Here’s an example of how to answer:

“In being let go, I have certainly found some silver linings. I am excited to have the opportunity to find a job that’s better suited to my qualifications and interests.”

Show that you’ve learned

Take responsibility for your part of the situation; there are always two sides to every story. Even if you feel as if you were the victim, your actions had something to do with it. Remain mature and professional by showing how you grew personally and professionally through this experience. By answering in this fashion, you will demonstrate strength, self-confidence, and character. The hiring manager will love to hear that you turned a negative situation into an asset.

Nobody is perfect — not you, not the recruiter, and not a single employee at the prospective company you are interviewing with. Perhaps even one (or several) of the people you talk to during the hiring process have been fired in the past. The hiring manager does not expect you to be perfect; they realize that you have made mistakes. The important part is that you have learned from them. Share how much you have grown since being terminated and how you will approach similar situations in the future, using the learning experience as an advantage for your next job.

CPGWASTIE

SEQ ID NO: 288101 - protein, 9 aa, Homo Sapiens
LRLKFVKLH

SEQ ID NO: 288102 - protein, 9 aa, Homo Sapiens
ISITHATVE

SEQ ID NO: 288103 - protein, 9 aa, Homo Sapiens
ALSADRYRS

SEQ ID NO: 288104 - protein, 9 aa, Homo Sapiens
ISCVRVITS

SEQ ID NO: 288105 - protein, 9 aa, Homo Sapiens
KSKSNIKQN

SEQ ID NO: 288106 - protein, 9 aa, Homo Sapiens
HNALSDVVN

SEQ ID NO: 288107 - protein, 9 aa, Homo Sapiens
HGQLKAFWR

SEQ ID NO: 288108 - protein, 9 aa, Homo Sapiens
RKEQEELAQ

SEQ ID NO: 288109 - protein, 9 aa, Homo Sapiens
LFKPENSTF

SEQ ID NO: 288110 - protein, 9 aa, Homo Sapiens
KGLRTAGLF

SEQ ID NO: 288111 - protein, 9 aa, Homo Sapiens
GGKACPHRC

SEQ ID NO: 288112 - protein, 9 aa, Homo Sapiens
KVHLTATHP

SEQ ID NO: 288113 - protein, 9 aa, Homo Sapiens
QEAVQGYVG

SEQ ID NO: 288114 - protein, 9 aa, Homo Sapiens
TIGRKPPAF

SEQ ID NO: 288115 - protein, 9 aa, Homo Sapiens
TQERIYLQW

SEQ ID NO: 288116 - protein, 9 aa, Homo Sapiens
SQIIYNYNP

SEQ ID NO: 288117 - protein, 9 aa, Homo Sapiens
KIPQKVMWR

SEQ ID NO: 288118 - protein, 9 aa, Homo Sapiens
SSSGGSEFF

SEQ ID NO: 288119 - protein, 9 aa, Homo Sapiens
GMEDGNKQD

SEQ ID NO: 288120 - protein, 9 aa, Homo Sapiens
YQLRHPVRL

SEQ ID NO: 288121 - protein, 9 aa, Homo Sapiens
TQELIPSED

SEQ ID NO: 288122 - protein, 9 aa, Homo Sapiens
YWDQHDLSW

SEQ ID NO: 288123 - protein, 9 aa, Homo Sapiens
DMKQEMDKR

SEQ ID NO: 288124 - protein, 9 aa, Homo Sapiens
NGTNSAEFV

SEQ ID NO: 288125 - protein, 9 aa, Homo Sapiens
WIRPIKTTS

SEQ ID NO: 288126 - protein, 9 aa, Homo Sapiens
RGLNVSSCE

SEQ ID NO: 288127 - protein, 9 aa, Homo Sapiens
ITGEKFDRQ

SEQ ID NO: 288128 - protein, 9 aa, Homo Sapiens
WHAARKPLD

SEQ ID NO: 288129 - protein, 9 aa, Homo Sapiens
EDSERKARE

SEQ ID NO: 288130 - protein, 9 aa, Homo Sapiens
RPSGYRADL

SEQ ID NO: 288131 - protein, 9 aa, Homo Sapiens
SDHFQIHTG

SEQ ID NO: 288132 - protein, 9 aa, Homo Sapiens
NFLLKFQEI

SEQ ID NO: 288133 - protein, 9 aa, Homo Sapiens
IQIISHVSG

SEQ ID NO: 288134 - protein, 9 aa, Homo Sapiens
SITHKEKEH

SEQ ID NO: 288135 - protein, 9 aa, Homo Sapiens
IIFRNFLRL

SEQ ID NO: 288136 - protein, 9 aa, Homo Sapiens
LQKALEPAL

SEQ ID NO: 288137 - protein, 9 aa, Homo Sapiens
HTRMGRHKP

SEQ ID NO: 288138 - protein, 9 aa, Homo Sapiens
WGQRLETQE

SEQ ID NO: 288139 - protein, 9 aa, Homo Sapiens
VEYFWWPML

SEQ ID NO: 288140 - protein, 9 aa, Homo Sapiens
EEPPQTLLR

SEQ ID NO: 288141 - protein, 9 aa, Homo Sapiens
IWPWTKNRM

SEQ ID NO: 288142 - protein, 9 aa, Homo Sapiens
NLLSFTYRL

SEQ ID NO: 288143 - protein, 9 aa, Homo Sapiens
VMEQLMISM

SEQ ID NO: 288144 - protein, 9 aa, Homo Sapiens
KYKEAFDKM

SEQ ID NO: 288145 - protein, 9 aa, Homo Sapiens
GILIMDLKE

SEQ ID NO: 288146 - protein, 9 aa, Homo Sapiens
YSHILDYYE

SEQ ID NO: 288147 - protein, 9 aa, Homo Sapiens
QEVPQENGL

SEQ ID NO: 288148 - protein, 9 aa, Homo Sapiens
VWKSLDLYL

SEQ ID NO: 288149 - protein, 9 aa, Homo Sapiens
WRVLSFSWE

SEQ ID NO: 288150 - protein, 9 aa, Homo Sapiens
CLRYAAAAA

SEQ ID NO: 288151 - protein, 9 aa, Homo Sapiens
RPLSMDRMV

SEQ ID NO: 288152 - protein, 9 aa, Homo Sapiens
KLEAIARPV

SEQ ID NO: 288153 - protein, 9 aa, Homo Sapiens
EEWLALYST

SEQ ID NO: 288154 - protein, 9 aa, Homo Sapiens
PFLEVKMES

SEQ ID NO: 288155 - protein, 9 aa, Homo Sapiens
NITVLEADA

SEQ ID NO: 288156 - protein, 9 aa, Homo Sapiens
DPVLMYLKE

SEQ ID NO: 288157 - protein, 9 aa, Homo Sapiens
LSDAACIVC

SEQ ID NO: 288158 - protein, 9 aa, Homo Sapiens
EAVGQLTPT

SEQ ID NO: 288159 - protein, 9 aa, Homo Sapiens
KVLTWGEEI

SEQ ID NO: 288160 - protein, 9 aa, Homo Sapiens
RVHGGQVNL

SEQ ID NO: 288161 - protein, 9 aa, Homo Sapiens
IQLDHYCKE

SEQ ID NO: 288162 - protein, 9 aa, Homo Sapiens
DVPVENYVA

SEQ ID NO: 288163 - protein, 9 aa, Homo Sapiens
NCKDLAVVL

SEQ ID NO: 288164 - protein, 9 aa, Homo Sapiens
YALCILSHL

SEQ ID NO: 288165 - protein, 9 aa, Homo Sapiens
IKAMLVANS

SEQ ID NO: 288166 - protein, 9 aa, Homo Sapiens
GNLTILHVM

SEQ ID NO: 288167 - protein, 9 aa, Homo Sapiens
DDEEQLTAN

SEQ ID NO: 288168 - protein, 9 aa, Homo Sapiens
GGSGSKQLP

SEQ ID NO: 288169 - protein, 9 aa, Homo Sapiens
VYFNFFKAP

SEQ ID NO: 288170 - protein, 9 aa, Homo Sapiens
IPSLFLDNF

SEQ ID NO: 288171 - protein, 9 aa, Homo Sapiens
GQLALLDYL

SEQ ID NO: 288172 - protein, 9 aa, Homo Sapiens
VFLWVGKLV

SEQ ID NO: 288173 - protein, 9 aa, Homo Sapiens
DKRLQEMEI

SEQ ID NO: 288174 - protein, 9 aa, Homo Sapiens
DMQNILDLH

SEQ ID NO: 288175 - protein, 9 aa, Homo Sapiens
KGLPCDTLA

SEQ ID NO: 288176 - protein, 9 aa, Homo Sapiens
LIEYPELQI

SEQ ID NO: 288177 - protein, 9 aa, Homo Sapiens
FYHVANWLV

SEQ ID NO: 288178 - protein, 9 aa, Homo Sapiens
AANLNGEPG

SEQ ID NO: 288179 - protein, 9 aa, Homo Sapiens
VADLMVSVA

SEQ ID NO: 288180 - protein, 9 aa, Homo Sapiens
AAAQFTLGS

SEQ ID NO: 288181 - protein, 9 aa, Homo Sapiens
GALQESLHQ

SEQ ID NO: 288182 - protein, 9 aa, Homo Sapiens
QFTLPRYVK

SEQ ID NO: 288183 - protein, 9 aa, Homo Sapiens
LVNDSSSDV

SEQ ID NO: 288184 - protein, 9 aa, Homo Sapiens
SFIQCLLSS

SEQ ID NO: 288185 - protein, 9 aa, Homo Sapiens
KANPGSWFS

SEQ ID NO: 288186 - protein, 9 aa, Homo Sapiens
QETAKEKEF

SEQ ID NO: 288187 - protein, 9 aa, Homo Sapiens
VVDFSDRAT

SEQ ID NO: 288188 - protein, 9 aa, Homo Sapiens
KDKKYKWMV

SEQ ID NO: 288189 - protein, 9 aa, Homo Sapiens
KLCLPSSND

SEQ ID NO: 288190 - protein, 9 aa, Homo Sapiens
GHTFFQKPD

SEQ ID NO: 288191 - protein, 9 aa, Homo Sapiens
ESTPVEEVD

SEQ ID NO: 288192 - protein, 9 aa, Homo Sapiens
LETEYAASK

Here’s an example of how to answer:

“When I initially accepted the job, I was desperate for work. After some time and evaluation, I realized I had jumped into the wrong position, and I won’t make that mistake again. I now know that I prefer an environment that is team-oriented.”

Know your former employer’s policies